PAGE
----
A selection of recognised Flemish masterpieces in our heritage libraries

The Lamb of God (Ghent Altarpiece) by Van Eyck, Bruegel’s Dull Gret (Mad Meg), and Rubens’s Descent from the Cross: these are undisputed masterpieces of painting. Although not as well-known, some of the world’s best masters of miniature painting and typography were also active in Flanders.

For the purposes of this tour, we use the word ‘masterpiece’ in an ‘official’ sense. Our masterpieces were assigned their status by the Flemish Community on the grounds of the Masterpieces Decree (Topstukkendecreet) of 2003 and are included in a List of Masterpieces. This means that they may not leave Flanders if the Flemish Government refuses to grant permission for this (in which case the government should, in principle, purchase the work itself), and also that they can count on receiving subsidies for conservation and restoration.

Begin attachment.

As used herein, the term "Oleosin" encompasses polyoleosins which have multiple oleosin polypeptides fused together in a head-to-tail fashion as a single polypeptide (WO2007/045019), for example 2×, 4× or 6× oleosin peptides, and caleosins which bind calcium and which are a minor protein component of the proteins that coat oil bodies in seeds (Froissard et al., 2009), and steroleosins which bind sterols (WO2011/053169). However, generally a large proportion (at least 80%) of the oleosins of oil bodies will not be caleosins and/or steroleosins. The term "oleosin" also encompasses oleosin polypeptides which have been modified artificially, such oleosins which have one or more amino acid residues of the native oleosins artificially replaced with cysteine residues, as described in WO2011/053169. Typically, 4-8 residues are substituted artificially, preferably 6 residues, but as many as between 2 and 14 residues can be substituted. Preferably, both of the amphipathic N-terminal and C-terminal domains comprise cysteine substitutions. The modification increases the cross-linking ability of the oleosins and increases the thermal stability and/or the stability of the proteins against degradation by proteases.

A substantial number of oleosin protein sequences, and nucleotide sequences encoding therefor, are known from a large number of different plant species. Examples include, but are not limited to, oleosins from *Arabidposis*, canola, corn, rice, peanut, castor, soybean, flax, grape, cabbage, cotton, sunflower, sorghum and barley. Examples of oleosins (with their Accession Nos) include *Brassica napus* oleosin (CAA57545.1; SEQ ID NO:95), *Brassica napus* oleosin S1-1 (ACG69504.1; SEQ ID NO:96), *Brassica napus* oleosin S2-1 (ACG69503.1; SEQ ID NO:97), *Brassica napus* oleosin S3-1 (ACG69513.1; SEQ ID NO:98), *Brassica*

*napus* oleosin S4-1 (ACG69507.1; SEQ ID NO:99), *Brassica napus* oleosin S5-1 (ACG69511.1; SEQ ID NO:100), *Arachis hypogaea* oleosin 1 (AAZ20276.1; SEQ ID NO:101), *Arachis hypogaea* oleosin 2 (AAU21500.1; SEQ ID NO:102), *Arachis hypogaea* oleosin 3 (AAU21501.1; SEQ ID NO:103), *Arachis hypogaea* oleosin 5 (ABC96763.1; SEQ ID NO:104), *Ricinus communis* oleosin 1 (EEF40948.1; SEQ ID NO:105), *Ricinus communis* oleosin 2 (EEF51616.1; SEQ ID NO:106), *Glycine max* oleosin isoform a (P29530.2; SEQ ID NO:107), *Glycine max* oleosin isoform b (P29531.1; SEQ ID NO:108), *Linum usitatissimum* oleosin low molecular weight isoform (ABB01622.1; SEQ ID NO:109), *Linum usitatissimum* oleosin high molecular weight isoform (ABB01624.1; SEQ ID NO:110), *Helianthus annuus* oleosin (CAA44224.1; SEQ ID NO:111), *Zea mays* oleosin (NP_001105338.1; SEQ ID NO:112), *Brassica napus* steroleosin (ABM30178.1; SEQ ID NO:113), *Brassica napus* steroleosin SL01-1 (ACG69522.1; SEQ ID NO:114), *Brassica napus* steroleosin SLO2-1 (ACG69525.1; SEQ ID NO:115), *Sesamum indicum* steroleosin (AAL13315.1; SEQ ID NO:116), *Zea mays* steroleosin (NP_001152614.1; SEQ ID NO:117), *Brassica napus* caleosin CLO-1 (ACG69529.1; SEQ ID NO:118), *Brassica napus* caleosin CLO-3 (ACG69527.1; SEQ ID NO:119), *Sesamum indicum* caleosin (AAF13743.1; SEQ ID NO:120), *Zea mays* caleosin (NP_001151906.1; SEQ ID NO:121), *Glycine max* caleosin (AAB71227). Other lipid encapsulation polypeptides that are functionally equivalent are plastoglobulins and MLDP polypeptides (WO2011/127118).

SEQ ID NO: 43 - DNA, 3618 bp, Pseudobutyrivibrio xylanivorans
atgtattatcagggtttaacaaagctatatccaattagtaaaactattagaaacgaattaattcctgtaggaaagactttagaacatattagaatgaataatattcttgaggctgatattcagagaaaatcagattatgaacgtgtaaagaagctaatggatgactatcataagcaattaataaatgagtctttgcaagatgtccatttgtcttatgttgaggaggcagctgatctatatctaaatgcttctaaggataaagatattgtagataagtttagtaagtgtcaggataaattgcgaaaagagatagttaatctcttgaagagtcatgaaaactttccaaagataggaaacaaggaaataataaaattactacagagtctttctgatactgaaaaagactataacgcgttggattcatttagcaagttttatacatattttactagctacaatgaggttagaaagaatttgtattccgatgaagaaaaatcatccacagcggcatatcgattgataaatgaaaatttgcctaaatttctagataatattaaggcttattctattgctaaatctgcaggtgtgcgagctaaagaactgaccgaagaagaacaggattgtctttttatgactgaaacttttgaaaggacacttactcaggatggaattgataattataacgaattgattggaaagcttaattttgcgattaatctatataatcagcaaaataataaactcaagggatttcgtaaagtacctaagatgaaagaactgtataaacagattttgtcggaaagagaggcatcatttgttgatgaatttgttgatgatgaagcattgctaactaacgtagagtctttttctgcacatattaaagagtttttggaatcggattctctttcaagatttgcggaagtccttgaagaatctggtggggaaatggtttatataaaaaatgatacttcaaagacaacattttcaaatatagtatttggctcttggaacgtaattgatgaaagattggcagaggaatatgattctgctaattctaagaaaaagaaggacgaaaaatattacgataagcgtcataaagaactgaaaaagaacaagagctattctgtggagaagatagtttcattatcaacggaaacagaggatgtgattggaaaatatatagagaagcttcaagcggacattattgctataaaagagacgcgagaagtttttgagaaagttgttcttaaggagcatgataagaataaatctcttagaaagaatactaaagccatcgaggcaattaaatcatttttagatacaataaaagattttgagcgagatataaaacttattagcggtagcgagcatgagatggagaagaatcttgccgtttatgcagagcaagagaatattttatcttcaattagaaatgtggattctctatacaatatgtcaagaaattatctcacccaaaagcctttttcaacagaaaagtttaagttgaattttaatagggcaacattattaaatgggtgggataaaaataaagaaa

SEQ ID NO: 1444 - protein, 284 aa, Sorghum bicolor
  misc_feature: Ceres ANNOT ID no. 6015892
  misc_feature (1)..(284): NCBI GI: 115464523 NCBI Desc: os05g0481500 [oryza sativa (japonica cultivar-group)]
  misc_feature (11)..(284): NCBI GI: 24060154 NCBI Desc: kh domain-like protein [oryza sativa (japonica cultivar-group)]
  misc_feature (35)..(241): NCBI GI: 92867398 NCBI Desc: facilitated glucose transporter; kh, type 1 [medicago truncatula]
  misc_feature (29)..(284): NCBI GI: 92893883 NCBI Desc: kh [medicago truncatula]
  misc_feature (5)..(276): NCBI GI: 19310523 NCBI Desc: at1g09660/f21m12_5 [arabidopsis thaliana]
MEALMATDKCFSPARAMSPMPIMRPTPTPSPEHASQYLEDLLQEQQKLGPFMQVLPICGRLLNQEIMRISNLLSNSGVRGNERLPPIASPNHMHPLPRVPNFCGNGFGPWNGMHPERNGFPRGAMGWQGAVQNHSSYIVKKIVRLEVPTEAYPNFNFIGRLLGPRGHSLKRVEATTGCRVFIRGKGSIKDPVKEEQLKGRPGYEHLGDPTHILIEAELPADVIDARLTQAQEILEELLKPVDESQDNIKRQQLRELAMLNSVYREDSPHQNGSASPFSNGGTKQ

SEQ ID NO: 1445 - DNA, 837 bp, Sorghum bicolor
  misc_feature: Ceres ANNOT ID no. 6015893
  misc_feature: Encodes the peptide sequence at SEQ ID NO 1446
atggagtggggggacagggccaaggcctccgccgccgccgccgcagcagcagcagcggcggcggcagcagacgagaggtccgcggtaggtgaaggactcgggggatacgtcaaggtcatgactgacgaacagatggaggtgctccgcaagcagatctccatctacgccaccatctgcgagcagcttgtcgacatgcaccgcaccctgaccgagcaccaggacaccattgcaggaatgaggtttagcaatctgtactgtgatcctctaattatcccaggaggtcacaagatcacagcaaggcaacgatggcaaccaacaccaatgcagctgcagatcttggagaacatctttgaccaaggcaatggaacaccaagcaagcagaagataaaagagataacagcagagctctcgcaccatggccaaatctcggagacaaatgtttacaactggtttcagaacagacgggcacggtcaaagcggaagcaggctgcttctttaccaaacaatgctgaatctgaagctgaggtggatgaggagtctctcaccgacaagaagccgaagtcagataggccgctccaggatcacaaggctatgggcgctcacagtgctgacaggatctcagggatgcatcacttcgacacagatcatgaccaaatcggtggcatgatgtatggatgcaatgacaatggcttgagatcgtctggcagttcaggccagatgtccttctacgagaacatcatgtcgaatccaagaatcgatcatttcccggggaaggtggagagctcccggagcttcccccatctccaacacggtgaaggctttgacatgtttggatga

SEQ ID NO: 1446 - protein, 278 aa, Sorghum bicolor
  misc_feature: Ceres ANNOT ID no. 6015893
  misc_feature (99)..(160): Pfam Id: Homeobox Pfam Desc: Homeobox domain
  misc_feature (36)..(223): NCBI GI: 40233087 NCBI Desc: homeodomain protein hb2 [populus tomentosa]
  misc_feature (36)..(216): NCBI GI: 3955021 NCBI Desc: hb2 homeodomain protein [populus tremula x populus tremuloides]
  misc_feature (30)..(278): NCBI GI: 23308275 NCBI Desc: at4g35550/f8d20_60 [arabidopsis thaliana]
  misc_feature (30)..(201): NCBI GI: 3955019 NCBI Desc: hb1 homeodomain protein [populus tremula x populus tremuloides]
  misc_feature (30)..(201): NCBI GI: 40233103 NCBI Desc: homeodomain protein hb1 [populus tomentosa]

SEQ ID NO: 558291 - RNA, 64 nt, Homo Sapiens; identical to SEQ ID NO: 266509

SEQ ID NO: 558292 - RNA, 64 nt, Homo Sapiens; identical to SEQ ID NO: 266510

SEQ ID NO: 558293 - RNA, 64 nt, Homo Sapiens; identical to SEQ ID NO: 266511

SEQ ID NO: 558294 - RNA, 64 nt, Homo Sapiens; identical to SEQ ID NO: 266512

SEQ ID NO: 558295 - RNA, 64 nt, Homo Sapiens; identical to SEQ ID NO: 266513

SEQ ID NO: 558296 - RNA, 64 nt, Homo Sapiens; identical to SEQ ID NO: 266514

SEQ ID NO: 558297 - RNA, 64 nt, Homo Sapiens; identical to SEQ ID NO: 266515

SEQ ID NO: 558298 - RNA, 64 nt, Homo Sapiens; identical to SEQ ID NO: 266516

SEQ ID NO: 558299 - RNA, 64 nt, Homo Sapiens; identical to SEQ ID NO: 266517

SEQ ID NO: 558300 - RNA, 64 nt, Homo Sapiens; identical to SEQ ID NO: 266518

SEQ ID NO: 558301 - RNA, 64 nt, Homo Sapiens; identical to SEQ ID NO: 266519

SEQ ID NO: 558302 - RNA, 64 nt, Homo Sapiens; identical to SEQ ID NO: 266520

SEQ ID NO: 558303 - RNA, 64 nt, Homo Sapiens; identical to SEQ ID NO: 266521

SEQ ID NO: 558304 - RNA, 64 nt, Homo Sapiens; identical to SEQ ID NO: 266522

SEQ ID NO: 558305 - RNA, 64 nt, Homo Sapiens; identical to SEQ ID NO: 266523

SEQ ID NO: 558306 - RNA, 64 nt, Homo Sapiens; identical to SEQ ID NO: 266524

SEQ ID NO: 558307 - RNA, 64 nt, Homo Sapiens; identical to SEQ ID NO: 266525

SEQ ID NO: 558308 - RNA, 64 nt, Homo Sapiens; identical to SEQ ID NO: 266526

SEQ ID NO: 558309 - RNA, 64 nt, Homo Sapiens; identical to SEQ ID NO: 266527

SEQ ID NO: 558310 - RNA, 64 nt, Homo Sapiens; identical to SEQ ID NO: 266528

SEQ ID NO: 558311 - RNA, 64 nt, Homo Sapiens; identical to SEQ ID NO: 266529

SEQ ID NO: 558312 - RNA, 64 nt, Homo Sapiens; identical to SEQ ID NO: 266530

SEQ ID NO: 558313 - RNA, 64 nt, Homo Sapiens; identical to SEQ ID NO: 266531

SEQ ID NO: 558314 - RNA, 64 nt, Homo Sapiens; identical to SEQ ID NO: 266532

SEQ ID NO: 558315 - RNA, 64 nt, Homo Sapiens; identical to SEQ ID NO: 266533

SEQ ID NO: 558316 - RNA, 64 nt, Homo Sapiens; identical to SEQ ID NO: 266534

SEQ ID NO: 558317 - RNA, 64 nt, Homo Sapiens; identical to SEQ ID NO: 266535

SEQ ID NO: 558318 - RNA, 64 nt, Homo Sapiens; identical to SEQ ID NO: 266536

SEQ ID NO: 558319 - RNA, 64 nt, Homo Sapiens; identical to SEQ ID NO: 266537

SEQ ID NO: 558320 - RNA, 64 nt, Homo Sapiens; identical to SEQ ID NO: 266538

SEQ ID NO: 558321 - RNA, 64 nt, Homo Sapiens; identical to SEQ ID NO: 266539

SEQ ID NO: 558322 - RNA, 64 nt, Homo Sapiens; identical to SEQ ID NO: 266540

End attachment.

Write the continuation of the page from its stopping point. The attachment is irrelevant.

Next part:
How does a work become a masterpiece? A work can become a masterpiece if it has a special significance for the cultural heritage of the Flemish Community, if it is located in Flanders and if it is also rare and indispensable. Being ‘indispensable’ means having unique artistic value, being necessary for our knowledge of other important cultural heritage items (known as ‘benchmarking value’), serving as an important link in the evolution of (art) history or science, or being of substantial value to the collective memory.

The heritage libraries of Flandrica.be are currently home to dozens of recognised masterpieces. Here, we will take you on a tour of about twenty.

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